3. Take steps to improve your indoor air quality. You may want to replace the filters in your HVAC unit, and you might want to invest in an air purifier. If you reduce the contaminants in the air, you can reduce nasal congestion, which can reduce your chances of getting a sinus infection.
4. Drink more water. If you increase your water intake, you can keep your throat moist while also busting up any congestion you might have. This could help you reduce the risk of getting a sinus headache.9
5. Exercise regularly. If you exercise regularly, you can strengthen your immune system, reducing your chances of developing a sinus headache.10
6. Try to stay away from people who have a cold or the flu. Viruses are contagious, and if you reduce your chances of getting sick, you can reduce your chances of developing a sinus headache.7
7. Get plenty of sleep. The average adult requires between 7 and 8 hours of sleep every night. If you get enough sleep, you can strengthen your immune system.11
If you follow these tips, you may be able to reduce your risk of developing a sinus headache.
How to Relieve Sinus Pain
If you already have a sinus headache, there are steps you can take to alleviate your symptoms. A few options you may want to try include the following:
- Apply a warm compress to the face. If you apply a warm compress to your facial tissues, you could encourage your sinuses to open up a bit more, making it easier for you to alleviate congestion. Then, you can reduce the pressure in your sinuses, alleviating congestion.12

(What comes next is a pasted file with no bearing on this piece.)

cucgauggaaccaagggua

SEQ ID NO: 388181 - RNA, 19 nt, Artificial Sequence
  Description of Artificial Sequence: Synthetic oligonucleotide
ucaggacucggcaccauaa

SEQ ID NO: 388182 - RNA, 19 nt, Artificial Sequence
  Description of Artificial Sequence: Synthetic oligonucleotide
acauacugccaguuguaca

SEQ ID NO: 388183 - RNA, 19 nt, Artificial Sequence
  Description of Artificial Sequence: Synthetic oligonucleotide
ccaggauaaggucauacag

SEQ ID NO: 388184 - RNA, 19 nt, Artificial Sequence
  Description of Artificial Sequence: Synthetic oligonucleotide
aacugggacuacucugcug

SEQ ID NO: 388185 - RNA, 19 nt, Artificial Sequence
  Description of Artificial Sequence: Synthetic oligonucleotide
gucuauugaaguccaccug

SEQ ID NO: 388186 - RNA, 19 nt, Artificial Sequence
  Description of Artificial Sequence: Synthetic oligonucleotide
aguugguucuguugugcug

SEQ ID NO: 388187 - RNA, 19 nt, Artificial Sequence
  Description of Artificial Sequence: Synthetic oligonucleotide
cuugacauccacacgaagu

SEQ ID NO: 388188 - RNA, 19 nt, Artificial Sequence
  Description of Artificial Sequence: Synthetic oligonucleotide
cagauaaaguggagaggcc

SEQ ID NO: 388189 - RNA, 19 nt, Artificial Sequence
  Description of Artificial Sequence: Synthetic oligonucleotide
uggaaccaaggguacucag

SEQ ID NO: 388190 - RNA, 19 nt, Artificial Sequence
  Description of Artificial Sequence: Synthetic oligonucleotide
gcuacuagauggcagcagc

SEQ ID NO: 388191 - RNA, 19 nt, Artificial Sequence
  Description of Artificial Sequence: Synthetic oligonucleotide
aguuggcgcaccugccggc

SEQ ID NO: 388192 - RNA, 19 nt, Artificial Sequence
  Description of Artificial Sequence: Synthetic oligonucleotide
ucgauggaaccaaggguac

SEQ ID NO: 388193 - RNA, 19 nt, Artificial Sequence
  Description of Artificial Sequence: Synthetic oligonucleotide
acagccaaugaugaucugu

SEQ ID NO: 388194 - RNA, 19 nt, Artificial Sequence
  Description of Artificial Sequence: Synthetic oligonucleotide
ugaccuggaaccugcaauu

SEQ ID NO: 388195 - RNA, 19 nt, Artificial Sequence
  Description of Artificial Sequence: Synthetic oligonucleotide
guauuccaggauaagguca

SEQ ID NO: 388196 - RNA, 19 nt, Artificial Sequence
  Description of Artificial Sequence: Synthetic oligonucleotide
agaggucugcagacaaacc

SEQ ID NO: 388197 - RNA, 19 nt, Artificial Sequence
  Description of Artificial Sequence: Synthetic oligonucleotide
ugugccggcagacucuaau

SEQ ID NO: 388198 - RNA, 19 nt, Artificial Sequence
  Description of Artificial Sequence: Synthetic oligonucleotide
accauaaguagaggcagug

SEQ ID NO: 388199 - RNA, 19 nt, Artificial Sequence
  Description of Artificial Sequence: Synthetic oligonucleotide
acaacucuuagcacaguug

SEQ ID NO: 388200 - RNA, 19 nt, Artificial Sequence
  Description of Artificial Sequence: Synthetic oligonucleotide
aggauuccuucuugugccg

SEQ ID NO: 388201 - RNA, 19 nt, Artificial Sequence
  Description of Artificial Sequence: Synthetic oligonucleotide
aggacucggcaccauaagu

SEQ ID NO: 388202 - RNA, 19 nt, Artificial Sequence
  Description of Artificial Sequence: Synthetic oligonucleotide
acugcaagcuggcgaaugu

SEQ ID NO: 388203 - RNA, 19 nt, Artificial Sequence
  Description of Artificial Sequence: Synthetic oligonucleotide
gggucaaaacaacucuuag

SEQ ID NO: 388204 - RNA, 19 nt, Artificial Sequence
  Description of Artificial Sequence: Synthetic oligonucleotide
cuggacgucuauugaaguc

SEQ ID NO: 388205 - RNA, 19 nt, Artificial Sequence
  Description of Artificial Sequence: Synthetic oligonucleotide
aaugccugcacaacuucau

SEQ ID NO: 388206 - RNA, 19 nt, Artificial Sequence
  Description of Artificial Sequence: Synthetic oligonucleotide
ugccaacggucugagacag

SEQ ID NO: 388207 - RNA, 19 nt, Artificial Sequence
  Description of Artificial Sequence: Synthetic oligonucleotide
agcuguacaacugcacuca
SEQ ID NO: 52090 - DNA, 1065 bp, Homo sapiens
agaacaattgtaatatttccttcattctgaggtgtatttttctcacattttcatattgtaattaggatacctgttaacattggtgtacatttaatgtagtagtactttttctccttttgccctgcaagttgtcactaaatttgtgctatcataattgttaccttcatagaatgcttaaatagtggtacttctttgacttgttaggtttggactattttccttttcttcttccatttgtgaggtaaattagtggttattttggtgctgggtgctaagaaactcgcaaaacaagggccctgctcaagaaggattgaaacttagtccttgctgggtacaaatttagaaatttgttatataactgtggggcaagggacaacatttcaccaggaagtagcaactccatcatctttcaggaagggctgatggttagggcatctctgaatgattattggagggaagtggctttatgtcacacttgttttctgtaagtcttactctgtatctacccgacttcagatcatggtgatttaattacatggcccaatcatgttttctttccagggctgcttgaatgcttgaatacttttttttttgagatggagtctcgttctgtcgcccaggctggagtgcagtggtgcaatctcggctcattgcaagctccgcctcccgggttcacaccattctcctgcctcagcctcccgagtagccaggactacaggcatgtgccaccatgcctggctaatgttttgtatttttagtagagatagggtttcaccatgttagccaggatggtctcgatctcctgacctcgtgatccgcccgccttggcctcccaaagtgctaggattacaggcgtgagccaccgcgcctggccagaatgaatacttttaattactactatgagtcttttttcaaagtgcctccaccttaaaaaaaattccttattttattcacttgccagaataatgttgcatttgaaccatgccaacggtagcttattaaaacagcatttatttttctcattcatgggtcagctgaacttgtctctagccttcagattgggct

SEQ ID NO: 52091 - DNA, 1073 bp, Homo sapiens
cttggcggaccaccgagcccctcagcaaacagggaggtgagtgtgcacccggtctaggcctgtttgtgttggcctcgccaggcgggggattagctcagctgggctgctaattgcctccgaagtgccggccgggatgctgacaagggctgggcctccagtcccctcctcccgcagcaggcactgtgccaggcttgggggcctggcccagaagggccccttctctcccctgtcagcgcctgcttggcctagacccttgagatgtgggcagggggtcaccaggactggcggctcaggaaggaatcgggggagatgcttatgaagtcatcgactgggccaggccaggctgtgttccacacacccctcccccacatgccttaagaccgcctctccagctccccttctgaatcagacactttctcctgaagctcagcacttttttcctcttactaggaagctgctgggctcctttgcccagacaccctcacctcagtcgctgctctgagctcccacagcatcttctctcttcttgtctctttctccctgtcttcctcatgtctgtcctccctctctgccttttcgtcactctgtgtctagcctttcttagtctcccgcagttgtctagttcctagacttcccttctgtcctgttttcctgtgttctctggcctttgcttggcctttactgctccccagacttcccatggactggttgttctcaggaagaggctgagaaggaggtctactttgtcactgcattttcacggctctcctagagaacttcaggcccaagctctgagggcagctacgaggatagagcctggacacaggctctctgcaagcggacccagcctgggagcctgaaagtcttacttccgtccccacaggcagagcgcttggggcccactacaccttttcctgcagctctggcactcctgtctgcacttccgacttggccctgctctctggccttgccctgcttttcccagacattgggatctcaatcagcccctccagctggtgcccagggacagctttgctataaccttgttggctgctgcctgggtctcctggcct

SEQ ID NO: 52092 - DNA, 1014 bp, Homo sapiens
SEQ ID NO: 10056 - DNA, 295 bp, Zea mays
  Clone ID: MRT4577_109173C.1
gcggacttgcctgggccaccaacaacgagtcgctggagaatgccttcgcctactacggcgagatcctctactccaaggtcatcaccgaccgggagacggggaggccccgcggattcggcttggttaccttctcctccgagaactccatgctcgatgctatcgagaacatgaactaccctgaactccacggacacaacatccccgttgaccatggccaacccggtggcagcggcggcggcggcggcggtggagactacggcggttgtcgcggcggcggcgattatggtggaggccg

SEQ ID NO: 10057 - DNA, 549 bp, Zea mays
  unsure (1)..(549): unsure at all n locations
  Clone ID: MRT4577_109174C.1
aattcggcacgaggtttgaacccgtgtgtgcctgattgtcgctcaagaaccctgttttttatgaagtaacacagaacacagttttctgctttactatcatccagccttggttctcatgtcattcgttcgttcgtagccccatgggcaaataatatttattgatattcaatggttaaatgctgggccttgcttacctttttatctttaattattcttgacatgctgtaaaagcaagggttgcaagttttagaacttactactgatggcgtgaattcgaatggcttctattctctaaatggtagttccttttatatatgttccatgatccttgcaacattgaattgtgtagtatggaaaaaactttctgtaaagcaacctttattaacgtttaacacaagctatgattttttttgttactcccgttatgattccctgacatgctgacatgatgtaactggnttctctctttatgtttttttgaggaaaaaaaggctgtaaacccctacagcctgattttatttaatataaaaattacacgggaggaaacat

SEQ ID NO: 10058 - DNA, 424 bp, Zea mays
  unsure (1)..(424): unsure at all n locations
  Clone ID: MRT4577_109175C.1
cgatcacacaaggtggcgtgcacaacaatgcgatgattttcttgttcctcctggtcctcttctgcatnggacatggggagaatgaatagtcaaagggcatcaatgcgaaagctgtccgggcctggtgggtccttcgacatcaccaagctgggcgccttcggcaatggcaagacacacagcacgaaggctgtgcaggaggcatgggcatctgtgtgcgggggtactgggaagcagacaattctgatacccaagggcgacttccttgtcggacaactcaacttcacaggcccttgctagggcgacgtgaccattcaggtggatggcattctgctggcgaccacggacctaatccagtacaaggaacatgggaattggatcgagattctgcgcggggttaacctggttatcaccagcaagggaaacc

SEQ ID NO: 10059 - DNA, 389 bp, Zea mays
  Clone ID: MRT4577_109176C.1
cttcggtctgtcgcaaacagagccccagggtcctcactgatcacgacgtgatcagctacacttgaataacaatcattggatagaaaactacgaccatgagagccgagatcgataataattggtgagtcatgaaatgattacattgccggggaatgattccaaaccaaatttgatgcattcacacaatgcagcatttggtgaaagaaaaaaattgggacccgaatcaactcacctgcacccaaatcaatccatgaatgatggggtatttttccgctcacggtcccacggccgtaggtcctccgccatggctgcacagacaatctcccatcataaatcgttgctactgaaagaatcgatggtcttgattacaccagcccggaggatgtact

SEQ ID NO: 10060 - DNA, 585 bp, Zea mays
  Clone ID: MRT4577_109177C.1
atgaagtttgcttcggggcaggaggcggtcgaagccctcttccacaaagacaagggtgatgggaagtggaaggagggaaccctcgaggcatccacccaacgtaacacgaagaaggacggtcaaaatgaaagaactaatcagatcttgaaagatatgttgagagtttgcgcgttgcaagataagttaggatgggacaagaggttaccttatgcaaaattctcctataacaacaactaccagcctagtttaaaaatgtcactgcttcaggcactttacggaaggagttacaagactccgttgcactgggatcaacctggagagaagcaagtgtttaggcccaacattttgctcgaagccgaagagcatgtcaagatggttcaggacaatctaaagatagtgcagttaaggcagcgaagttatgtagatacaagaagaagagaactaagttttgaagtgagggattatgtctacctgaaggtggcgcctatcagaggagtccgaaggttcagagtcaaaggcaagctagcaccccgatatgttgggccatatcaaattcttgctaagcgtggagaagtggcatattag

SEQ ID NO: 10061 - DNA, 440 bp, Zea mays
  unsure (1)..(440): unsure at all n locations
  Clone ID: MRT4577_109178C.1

- Use a steam machine or water vaporizer. If you inhale warm water vapor into your nose, you could break up some of the congestion in your sinuses. This could help you reduce your sinus pressure, alleviating your symptoms.12
- Use TYLENOL® Sinus Pressure and Pain. This could be an effective treatment option that can help you relieve sinus congestion, headache, and pain.
These are a few possible treatment options that could help you address a sinus headache. If you want to learn more about how to alleviate a sinus headache, find more information on How to Relieve Sinus Pain.
When to See a Doctor
Ultimately, despite your best efforts, you may feel like your sinus headache is not getting any better. In that situation, a doctor may be able to help you. Some of the signs that you should consider seeing a doctor include:
- If you develop recurrent sinus headaches, you should see a doctor who can help you figure out why they keep coming back.
- If you feel like your sinus headache is getting worse despite all of the treatment options above, it may be time to see a doctor.
- If your sinus headache is causing other symptoms, such as confusion or lightheadedness, there could be something more serious going on, so you need to see a doctor.
Since sinus headaches are often confused with migraines because of the similarity in symptoms, if you are uncertain whether you have a sinus headache or migraine, you should see a doctor for a diagnosis.